LiveScience (June 1, 2010)
"The long necks of the largest dinosaurs that ever lived might have been raised high after all, a new study now suggests.
"The sauropod dinosaurs, which included titans such as Brachiosaurus, Diplodocus, and Apatosaurus (once known as Brontosaurus), are well-known for the very long necks they usually sported. The lengthy neck extended the animal's reach for grabbing food.
"However, it has recently proven controversial as to whether sauropods actually ever held their heads up high to dine on hard-to-reach leaves because of all the energy needed to pump blood to such heights. Most researchers, for instance, do agree that Apatosaurus and Diplodocus likely kept their necks low while grazing.
"Now, at least for some of these sauropods, research suggests the goliaths did indeed hold their heads up high...."
For example, Euhelopus zdanskyi weighed in the neighborhood of 8,400 pounds and was about 36 to 39 feet long, nose-to-tail-tip. Bones let the University of Flensburg, Germany's functional morphologist Andreas Christian run numbers on what sort of stresses the neck and head would have experienced when the animal was alive.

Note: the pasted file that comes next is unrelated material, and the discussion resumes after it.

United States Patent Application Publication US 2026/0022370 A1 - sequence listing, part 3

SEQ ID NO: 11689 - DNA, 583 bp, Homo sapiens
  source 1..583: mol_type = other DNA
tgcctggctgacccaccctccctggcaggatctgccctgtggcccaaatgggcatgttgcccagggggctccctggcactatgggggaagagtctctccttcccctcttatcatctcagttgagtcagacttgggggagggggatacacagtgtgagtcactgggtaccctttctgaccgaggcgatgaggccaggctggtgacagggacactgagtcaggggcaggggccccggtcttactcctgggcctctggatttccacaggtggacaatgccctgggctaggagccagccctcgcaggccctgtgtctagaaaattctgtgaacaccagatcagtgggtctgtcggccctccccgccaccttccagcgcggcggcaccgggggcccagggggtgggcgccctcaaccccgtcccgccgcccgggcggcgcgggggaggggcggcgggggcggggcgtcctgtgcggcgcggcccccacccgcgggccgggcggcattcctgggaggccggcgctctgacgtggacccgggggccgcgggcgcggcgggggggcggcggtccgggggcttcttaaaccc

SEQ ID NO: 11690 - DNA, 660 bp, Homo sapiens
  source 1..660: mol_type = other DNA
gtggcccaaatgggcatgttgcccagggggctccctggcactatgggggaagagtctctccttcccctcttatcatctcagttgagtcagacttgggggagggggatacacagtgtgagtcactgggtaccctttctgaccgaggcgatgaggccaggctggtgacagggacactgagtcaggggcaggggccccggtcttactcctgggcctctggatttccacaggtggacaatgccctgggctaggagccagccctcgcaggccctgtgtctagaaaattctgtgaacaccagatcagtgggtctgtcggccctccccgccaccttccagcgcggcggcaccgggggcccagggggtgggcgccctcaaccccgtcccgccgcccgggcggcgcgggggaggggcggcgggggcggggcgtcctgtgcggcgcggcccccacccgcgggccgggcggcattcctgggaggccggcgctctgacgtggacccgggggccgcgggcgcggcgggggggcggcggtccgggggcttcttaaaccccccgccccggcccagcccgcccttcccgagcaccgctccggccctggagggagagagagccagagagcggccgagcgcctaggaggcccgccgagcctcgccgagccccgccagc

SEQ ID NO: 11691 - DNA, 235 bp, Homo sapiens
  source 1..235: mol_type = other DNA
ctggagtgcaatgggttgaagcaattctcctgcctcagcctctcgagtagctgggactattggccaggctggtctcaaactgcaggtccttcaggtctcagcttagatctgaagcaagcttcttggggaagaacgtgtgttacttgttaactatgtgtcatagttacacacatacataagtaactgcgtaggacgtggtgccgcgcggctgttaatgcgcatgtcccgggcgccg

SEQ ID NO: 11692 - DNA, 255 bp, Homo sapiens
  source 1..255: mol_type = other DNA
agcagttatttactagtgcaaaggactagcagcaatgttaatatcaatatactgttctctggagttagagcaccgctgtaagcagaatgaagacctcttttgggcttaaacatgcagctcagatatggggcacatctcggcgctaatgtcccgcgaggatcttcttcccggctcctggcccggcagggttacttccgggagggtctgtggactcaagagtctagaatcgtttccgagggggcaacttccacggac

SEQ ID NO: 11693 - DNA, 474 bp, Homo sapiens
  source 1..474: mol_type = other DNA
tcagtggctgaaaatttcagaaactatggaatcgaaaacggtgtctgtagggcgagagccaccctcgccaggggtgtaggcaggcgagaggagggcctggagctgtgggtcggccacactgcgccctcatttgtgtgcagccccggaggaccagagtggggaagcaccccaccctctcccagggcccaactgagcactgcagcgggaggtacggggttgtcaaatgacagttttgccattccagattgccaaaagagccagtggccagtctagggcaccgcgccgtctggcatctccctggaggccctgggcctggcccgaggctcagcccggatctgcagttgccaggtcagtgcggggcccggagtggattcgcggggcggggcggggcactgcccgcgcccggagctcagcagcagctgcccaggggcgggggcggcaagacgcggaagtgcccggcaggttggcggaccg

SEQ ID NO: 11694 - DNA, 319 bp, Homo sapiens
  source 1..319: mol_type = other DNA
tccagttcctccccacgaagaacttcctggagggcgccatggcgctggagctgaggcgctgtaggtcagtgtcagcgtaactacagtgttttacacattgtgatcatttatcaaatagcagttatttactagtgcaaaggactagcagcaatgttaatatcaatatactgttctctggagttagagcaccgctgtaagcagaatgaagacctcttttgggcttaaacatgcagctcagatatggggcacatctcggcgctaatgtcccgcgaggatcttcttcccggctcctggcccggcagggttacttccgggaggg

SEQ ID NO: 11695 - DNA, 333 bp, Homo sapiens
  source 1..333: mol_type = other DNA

Turns out, a giraffe-like posture with the neck held straight at about a 45 degree angle would not have been too hard to hold aloft. For a few minutes at least.
More number crunching showed that holding the neck up like that would pay off in added energy, if the dinosaur had moved just its neck around to get at high leaves, instead of shifting its entire body to get at food.
I doubt that this is the last word on the habits of long-necked dinosaurs: particularly since we currently lack any live specimens. Even if (when?) someone manages to reconstruct dinosaur DNA and coax it into growing a dinosaur for study, the animal's behavior will be debatable, since it can't be observed in its natural habitat, and - perhaps more to the point - wasn't raised in the wild.
- "Bringing Back the Dinosaurs: Not a Crazy Idea Any More"
(June 29, 2009)